DWARKA PRASAD, J. -
(1.)AS all these petitions raise identical questions they are disposed of by a common order.
(2.)THE petitioners have filed habeas corpus petitions stating that they were convicted for offences under Section 302 IPC and were sentenced to imprisonment for life and that each one of them have undergone imprisonment for a period of more than 14 years. As such it has been prayed that the respondents may be directed to release the petitioners forthwith and set them at liberty.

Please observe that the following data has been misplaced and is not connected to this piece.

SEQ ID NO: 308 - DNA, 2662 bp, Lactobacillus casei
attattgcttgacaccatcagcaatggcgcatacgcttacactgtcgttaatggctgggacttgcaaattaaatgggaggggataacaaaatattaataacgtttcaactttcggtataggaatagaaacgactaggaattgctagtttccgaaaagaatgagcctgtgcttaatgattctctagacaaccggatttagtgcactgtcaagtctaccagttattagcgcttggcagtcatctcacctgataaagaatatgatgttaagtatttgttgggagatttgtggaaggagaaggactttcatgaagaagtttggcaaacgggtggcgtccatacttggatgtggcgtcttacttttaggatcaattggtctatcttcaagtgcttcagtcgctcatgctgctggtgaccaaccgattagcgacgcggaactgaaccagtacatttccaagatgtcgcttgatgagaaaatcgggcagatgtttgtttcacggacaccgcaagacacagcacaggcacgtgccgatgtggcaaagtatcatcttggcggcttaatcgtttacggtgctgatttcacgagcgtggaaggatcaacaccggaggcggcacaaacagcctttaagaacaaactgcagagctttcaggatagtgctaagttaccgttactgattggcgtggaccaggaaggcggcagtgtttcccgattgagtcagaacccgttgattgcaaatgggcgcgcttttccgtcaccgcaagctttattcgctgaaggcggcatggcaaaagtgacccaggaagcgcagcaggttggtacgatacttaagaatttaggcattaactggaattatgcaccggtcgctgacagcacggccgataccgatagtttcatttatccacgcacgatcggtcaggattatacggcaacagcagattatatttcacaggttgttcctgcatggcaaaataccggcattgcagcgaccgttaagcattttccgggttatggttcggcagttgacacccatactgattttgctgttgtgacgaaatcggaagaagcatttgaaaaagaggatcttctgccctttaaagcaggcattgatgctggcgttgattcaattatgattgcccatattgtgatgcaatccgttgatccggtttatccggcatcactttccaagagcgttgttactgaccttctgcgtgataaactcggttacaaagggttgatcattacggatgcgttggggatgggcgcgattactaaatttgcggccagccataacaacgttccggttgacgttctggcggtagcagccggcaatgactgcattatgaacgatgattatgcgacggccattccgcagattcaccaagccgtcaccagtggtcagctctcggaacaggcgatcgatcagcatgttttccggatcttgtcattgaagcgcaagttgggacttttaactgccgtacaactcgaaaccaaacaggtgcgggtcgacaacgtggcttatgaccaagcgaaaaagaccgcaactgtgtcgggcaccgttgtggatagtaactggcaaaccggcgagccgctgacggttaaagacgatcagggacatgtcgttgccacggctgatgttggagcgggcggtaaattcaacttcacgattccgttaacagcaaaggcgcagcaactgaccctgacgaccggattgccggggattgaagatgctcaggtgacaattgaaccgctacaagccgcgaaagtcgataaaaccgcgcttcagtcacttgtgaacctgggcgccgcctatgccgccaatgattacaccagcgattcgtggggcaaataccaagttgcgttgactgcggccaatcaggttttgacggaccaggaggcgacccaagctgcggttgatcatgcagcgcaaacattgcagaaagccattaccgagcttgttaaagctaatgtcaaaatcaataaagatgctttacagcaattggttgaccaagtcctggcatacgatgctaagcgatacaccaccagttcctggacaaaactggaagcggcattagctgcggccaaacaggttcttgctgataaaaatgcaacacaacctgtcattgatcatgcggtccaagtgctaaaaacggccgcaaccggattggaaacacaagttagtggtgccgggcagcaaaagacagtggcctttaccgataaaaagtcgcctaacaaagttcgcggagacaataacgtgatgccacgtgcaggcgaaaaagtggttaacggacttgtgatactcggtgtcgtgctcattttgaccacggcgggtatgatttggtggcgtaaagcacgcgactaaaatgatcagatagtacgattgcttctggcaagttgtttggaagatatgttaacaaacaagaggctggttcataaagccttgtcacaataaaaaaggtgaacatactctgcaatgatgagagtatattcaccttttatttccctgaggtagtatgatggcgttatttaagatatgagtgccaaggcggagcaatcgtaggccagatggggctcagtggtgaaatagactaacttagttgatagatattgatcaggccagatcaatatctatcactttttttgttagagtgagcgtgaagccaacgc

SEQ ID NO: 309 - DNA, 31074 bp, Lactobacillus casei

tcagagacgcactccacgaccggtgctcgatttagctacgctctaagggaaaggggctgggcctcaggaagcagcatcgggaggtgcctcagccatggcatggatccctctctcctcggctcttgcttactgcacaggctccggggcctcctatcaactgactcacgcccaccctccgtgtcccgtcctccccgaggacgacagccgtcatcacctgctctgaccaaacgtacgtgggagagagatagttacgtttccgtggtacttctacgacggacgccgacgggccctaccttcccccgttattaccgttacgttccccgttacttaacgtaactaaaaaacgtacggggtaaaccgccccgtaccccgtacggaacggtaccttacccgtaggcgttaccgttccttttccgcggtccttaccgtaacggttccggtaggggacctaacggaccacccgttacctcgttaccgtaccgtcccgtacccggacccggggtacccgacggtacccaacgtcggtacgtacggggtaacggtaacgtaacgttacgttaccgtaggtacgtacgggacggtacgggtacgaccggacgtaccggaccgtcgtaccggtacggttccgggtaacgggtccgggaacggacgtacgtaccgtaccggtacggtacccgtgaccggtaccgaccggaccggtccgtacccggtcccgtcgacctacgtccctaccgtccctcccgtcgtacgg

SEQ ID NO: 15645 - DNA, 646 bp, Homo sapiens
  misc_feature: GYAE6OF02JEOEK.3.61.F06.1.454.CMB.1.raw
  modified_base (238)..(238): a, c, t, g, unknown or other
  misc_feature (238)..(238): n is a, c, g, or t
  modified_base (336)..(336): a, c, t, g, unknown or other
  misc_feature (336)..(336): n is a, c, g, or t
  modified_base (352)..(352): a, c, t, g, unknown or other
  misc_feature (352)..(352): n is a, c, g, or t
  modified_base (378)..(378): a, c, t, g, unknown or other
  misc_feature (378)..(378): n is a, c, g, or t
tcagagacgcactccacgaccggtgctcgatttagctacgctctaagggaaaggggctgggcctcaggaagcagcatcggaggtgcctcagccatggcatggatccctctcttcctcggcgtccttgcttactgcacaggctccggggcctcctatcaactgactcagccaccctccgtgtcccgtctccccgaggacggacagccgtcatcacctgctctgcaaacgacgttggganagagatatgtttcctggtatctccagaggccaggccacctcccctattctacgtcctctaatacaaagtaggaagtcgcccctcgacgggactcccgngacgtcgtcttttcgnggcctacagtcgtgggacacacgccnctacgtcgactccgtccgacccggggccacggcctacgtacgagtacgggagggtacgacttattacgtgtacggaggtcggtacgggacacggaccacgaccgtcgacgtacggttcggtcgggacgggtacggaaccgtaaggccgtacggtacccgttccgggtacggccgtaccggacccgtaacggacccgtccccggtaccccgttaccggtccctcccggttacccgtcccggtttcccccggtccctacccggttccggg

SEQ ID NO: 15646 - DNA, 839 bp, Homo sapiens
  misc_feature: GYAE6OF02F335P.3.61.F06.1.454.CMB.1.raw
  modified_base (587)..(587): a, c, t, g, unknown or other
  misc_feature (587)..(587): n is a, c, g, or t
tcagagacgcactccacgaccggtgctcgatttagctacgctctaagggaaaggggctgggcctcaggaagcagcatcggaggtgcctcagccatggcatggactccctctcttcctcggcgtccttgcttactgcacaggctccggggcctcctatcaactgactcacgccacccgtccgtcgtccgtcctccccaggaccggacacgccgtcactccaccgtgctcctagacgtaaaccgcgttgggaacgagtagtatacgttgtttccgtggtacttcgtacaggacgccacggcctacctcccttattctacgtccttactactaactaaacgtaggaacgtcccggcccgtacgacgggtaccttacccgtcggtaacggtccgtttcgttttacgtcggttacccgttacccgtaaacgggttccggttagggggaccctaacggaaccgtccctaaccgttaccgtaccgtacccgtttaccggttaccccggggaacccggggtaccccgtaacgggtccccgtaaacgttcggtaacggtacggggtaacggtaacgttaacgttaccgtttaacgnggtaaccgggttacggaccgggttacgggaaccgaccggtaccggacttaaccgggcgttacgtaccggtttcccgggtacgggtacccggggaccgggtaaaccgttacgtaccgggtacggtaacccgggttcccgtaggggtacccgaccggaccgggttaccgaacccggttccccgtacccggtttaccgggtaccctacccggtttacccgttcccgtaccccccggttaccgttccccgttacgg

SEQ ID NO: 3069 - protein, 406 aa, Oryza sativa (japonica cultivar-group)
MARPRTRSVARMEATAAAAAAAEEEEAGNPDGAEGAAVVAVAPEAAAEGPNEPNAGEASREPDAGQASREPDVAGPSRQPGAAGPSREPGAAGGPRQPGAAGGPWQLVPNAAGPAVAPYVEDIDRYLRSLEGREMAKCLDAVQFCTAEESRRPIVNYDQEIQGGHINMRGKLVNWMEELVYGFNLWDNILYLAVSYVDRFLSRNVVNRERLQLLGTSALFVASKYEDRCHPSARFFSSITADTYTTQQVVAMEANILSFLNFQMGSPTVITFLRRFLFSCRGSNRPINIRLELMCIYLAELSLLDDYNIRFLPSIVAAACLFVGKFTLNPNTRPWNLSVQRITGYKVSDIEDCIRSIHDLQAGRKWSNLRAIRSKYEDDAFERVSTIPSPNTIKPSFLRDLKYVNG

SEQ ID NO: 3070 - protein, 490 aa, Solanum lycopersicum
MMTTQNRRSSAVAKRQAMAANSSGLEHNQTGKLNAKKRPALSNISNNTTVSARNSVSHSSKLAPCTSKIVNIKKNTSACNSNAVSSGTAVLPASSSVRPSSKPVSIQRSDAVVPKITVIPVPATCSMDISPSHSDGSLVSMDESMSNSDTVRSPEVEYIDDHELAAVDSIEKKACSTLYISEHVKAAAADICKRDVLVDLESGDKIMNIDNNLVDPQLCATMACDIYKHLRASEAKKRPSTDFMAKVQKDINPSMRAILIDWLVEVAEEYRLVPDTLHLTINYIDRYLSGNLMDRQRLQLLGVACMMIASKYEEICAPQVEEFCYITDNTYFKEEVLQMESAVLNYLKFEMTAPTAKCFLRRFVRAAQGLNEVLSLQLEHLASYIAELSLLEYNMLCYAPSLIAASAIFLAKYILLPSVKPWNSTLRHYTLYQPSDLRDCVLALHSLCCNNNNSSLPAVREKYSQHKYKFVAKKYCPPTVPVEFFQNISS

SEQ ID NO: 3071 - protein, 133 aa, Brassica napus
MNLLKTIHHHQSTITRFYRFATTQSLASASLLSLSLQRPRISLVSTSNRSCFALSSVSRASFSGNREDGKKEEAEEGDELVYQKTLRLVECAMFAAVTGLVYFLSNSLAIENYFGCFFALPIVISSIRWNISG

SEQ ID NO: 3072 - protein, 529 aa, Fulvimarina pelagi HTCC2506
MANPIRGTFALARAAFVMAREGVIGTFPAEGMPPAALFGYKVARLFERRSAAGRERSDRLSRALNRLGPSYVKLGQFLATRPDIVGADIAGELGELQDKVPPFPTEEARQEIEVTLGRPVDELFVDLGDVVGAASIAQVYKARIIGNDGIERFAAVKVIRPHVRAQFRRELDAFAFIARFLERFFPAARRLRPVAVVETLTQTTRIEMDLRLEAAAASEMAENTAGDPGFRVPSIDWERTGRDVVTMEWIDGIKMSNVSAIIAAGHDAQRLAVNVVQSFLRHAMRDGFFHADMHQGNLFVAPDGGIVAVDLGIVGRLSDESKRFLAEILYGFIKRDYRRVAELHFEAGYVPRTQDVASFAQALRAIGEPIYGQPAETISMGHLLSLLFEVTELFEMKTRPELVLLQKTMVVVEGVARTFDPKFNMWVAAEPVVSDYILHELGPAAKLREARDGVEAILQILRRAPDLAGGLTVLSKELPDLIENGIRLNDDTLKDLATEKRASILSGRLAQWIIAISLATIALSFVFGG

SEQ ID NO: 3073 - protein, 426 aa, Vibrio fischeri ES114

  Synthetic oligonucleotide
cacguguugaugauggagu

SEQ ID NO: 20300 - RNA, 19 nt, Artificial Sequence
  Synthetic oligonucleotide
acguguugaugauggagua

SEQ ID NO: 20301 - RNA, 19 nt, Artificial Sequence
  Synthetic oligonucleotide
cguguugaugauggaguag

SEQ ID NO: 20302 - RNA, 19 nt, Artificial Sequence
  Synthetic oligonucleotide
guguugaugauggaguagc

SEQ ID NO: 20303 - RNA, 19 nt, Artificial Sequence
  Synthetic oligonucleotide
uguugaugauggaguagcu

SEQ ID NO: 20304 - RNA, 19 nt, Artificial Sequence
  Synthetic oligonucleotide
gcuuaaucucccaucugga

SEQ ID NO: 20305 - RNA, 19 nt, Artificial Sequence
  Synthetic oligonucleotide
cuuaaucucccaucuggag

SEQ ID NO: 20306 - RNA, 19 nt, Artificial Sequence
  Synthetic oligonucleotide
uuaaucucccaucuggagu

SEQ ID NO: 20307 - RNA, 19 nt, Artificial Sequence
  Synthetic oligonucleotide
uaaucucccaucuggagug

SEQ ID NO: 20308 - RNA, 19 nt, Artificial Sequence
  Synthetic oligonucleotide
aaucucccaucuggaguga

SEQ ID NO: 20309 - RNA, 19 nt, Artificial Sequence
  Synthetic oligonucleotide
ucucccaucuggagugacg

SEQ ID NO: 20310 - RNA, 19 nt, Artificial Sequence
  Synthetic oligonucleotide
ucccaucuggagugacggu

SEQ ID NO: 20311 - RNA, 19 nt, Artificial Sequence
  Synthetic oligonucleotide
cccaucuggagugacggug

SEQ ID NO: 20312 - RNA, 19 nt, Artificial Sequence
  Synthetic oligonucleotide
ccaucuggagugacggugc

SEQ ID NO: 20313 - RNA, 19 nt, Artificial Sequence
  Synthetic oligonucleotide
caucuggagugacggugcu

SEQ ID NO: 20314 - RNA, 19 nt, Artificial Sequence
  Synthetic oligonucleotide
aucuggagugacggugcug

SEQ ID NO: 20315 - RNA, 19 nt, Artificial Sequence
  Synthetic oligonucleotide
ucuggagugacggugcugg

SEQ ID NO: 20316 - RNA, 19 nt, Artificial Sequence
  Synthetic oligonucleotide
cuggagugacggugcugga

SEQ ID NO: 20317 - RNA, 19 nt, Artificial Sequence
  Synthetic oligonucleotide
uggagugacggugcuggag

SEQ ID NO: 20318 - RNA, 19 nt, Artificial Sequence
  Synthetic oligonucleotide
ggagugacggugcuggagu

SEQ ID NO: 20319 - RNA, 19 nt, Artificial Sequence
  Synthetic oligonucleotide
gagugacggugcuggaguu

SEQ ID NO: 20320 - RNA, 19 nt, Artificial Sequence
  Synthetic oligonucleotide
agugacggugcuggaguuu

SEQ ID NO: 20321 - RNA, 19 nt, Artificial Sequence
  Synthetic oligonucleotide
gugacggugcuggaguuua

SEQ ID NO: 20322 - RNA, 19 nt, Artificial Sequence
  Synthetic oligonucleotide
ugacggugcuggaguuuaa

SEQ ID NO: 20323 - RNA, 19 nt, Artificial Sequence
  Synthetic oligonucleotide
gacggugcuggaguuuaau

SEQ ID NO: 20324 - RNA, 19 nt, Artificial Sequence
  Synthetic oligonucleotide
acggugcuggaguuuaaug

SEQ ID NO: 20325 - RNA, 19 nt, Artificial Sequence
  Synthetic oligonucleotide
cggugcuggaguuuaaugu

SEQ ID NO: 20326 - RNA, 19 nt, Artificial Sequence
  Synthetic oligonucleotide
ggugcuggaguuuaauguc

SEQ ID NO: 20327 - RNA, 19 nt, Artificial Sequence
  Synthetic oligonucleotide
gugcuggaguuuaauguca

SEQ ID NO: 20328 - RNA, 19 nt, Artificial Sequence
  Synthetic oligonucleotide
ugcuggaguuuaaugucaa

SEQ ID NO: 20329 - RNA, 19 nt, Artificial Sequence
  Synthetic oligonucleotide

Notices of these petitions were given to the Superintendent, Central Jail, Jaipur, who had produced before us a statement of the sentences undergone by each one of the petitioners as on December 3, 1984. We have perused the statement produced by the Superintendent, Central Jail, Jaipur and the reply filed on his behalf. We have to consider from the record produced before us as to whether the petitioners have served 2/3 of the sentence including jail remissions earned by them. The decision in these matters shall be governed by the provisions of clause (iii) para 139 of the Rules made under Section 59 (27) and (28) of the Prisons Act, relating to admission, custody, employment, dieting, treatment and release of prisoners. The relevant portion of para 139 reads as under :- "para 139, Prisoners eligibility for consideration by the Advisory Board:-The Advisory Board shall be entitled to consider cases of the following types of prisoners only:- (i) A prisoner other than habitual Criminal undergoing a substantive sentence of three years or over who has completed two years imprisonment or half of his sentence whichever is greater, including remission. (ii) A prisoner being a habitual criminal who has served 2-1/2 years of his substantive sentence, including the period of remission or has served two-third of his sentence including the period of remission whichever is greater. (iii) A prisoner sentenced to more than 14 years imprisonment or transportation for life or to transportation and imprisonment for terms exceeding in the aggregate 14 years and has to serve two-third of his sentence including remission. A sentence for transportation for life will be construed to be one of imprisonment for 20 years for this purpose in each case. The period of imprisonment shall include sentences in default of payment of fine, if the same has not been paid. The remission actually earned by a person shall be taken into account by the Advisory Board, not a special remission granted in celebration of public function, for example, Independence Day, Republic Day, etc. (iv) Prisoners awarded long term sentences by Court Martial and have served two-third of their sentences including the period of remission. (v) Prisoners suffering from infectious disease, such as Leprosy, Tuberculosis, provided their disease is likely to be dangerous to other prisoners and conditions prescribed in Para 38 are fulfilled. (vi) Prisoners who have attained the age over 65 years in case of male prisoners an over 55 years in case of women prisoners in whose case no public interest is likely to be served by keeping them in prison provided they are serving sentences for their first and only conviction. Thus according to clause (iii) of the aforesaid provisions, a sentence of imprisonment for life, which is equivalent to transportation for life, shall be construed as one of imprisonment for 20 years for this purpose and a prisoner sentenced to imprisonment for life has to serve 2/3 of his sentence, including remissions actually earned by him. After the prisoner has undergone 2/3 of the sentence for imprisonment for life construed as one for 20 years, he shall be entitled to get his case considered by the Advisory Board constituted for the purpose. It has been made clear in the aforesaid provisions that special remissions granted in celebration of public functions would not be counted for the purpose of referring the case of the prisoner to the Advisory Board, but the remission actually earned by a person shall only be taken into account by the Advisory Board. Para 142 provides that the Advisory Board shall submit its recommendations with the history of each case to the State Government. The Advisory Board, while making its recommendations on the basis of the material placed before it, may advise the State Government that the prisoner may be prematurely released conditionally or unconditionally or that his premature release be refused or the consideration of the case of the prisoner may be postponed for a definite period to be specified in the recommendations. Thereafter, on receipt of the proceedings of the Advisory Board and other relevant papers under the provisions of Para 150, the State Government shall order release of the prisoner in whose case, having regard to all the circumstances, it considers that the prisoner may be released without any danger to the society.